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Election Discussion

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Elections tomorrow will determine the composition of the US House of Representatives, a third of the Senate, and 36 governorships.  Politically, this feels like a divisive time, and accusations and dire warnings from both sides of the aisle are getting increasingly hyperbolic.  How can we confidently invest or stay invested in markets at a time like this?

There was never a time where politics didn’t feel at least a little divisive in America.  Recent events have us on high alert, but there are a lot of stories in the history books equally as shocking.  In 1856 a Senator was beaten until unconscious on the floor of the Senate with a cane.  A few years later, there was an all out brawl in the House including more than 30 members.  Even as recently as 1988 a Senator had to be carried on to the floor feet first by the Sergeant-at-Arms to comply with quorum rules.  The rise of aggressive algorithms on social media probably does contribute to political divisiveness today, and we don’t mean to minimize the recent events and violence in our political process.  However, there has never been a period of time where politics have felt completely constructive and settled.

There has never been a period of forward-looking geopolitical security, either.  Throughout the cold war and even today we have the omnipresent threat of nuclear conflict.  Events like the Bay of Pigs invasion are largely forgotten today because they resolved safely, but there was no guarantee at the time that things would work out at all.  All recorded history has been defined by the rise and fall of great powers, and these tectonic shifts in influence and control continue as countries like Russia try to stay relevant and countries like China aspire to become more dominant throughout the world.

We’re not going to solve the world’s problems today, but we can reassure you that despite all the uncertainty in the past, the markets have persevered- through world wars, inflation, recessions, and yes, even elections.  Every time concerning news comes out, people wonder if “this time is different.”  Each time is different in its own way, but thusfar the world, the economy, and the financial markets have always persevered in the long run.

Regarding tomorrow’s election, we can further reassure you that there is no evidence suggesting the political party in power reliably has any influence over the future trajectory of the markets.  Here is a look at a US stock index highlighting control of Congress over the years:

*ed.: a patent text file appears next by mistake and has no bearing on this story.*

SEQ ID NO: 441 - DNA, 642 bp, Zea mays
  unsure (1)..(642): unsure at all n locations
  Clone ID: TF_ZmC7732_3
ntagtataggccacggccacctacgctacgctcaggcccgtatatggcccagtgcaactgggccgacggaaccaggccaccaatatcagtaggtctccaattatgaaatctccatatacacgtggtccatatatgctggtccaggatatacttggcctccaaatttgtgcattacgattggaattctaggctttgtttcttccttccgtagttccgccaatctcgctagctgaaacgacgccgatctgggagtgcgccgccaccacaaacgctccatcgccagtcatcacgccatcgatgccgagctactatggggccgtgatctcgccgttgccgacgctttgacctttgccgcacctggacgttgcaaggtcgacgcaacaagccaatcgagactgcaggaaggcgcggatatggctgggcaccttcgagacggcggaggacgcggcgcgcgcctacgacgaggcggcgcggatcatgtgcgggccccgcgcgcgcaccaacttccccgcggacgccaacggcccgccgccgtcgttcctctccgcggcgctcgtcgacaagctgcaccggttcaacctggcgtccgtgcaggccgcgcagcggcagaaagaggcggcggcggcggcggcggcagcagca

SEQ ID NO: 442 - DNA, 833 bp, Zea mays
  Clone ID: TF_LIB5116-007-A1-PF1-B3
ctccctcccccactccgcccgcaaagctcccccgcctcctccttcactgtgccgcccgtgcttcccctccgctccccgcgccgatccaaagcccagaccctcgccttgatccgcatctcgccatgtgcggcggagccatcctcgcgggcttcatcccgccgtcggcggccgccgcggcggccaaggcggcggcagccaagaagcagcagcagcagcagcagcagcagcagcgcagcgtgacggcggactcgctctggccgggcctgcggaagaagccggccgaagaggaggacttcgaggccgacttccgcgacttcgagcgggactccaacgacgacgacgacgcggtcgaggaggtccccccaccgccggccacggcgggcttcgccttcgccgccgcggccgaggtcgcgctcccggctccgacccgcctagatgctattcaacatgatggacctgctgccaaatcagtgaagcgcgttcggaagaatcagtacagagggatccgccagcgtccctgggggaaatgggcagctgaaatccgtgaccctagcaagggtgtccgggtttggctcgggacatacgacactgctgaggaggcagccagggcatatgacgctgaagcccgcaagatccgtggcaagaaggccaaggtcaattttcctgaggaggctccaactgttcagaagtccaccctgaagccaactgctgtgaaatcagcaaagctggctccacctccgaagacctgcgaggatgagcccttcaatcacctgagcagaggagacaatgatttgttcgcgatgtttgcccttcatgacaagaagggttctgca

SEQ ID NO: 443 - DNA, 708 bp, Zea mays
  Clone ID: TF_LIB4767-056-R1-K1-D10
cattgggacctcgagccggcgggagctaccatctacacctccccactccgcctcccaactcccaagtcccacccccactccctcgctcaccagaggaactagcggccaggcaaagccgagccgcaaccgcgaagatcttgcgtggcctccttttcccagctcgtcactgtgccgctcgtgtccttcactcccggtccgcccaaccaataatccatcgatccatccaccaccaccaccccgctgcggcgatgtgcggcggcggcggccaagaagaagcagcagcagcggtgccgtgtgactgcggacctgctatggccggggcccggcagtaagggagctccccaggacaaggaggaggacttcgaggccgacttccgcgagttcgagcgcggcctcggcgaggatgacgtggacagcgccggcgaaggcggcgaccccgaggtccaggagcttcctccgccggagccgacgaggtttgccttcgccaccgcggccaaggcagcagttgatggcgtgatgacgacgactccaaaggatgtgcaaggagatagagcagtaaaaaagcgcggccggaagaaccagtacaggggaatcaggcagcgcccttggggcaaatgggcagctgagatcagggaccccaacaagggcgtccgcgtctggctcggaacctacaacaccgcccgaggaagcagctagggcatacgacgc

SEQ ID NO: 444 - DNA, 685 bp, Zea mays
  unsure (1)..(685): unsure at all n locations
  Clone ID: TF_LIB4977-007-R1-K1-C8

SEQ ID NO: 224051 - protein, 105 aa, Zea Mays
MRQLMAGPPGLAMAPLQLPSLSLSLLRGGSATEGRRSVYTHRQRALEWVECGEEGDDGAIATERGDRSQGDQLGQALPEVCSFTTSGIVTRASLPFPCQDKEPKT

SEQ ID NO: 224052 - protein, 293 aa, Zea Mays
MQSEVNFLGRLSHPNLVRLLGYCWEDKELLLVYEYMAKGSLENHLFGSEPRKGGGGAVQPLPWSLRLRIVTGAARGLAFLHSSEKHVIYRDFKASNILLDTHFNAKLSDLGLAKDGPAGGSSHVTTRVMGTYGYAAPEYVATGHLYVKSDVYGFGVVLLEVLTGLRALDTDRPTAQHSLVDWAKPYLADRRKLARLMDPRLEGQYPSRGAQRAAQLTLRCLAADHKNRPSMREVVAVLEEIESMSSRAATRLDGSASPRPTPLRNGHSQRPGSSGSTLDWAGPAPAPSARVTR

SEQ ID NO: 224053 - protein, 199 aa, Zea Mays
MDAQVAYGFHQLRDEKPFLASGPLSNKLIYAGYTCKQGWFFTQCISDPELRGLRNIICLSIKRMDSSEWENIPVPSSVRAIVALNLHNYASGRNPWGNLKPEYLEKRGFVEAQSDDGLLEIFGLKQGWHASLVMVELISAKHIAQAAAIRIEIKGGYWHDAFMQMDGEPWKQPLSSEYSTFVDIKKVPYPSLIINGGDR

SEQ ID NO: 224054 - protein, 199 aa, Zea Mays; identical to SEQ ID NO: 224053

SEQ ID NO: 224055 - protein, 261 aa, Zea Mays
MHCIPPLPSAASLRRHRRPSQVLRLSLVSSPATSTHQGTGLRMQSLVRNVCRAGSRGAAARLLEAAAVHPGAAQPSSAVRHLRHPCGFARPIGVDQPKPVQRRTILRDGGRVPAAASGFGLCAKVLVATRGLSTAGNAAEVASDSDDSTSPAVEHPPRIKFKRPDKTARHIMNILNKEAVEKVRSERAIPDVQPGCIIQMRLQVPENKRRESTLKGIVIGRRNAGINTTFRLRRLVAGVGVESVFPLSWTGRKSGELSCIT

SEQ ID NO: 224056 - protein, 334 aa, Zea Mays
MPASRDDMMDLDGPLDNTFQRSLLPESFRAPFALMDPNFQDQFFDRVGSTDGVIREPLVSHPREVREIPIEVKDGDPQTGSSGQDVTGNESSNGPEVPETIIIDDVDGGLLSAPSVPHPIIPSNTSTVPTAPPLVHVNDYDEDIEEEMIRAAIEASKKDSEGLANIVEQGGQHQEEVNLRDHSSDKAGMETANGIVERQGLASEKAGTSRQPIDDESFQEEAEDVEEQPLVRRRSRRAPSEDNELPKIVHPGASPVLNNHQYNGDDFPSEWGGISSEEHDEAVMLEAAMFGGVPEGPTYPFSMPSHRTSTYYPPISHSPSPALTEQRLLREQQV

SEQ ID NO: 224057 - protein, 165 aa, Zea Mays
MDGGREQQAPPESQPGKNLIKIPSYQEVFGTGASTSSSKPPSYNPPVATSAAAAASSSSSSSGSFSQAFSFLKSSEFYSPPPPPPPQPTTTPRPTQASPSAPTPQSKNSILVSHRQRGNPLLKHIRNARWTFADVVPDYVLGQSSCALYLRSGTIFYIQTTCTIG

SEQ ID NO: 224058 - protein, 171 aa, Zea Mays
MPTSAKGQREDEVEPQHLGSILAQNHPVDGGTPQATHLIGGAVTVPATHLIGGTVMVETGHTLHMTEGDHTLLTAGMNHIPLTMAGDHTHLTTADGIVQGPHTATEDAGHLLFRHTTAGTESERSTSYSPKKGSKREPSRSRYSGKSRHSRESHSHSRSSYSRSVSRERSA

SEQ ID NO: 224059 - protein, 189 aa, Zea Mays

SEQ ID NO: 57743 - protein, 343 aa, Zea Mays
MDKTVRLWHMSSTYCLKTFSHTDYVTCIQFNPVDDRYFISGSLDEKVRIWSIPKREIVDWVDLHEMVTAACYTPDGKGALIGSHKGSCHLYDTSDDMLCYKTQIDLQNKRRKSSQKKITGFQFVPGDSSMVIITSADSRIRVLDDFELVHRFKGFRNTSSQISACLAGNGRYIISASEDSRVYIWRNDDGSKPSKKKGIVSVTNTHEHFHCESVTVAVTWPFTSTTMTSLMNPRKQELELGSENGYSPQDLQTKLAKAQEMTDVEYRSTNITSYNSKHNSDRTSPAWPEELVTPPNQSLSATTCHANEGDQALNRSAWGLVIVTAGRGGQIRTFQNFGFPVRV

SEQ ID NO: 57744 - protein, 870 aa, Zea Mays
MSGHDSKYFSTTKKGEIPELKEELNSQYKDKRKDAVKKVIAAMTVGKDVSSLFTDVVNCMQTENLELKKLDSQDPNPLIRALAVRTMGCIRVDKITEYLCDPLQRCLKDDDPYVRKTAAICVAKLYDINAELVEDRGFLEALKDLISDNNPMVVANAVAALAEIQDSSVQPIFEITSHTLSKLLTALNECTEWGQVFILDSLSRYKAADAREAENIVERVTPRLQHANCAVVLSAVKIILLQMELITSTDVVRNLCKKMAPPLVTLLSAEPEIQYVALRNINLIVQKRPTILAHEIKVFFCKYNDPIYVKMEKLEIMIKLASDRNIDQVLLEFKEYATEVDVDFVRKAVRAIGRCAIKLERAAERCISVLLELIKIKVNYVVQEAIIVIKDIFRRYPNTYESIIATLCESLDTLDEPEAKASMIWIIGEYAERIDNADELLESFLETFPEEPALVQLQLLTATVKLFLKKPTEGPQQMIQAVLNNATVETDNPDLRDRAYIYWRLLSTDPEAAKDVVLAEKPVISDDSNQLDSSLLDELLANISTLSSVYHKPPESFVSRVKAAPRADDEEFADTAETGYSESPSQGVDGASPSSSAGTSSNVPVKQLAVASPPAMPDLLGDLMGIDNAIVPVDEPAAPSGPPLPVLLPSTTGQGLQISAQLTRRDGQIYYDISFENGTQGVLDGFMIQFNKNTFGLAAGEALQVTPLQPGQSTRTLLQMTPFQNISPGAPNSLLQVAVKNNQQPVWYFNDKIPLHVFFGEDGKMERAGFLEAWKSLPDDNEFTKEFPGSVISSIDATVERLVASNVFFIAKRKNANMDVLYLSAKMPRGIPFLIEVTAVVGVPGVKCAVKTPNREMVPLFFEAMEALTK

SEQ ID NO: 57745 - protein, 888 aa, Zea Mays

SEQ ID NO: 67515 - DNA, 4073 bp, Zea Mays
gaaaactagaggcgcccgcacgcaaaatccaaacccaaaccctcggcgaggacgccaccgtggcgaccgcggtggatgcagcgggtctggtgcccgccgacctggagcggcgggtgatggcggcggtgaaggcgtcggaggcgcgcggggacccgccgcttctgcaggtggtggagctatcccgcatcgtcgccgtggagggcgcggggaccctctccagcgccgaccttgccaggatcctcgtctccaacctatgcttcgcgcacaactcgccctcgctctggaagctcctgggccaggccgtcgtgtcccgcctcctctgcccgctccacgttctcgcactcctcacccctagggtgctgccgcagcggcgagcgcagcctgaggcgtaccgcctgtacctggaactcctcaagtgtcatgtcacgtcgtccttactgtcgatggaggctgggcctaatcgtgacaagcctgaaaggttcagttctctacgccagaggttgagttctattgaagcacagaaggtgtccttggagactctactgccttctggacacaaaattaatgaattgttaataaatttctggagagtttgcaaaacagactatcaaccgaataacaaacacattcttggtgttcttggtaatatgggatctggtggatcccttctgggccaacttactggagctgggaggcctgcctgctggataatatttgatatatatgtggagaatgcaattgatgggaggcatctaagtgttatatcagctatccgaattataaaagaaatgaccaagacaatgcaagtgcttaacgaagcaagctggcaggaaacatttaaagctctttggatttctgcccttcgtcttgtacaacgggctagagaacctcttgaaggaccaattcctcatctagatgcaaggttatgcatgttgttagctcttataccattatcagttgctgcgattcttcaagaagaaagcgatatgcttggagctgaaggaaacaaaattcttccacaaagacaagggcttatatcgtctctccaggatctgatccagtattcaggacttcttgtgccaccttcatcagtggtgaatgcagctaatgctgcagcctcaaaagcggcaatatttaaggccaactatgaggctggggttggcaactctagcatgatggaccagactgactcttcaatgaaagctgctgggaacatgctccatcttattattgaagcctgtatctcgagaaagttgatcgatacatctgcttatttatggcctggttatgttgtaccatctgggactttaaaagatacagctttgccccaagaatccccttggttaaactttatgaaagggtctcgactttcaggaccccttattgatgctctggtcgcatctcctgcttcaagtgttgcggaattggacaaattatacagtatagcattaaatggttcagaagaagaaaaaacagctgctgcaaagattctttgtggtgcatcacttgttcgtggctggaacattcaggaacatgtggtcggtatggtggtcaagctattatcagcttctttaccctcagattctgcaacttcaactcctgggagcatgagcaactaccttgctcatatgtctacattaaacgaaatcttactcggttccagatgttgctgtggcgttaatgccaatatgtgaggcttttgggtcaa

The conventional wisdom is that populist candidates are negative for the markets and more conservative candidates are market positive.  We think it’s more likely that different ideologies benefit different types of companies (for example, a Democratic sweep might be positive for green energy companies while Republicans might be good for coal).  Also, there are elaborate checks and balances through the legislative process and via the judiciary, so even with a large majority, one party can’t have overly dominant influence.

Fortunately, we don’t have to spend any time worrying about which stock or sector might outperform based on a particular election outcome.  Our style of investing has exposure to virtually every sector and countless companies throughout the world.  The difference between our investments and a global index fund is that our fund providers overweight and underweight holdings based on expected returns rather than solely looking at market capitalization weights, which means our portfolio can thrive in a wide variety of political outcomes.

Though we’re not in a presidential election year, you might wonder if the White House has more control over market returns than Congress.  You can see from this chart that there isn’t a lot of predictive value based on the presidency either:

We don’t want to minimize the importance of this election or the gravity of current events.  However, we do want to remind you that markets will probably be just fine- in the long run.  The only reason the future seems scarier than the past is because we already know how the past turned out.  As long as we continue to experience productivity improvements, meaningful labor force participation, and per-capital real GDP growth, we believe the markets will continue to provide attractive returns after inflation as months turn into years and years turn into decades.

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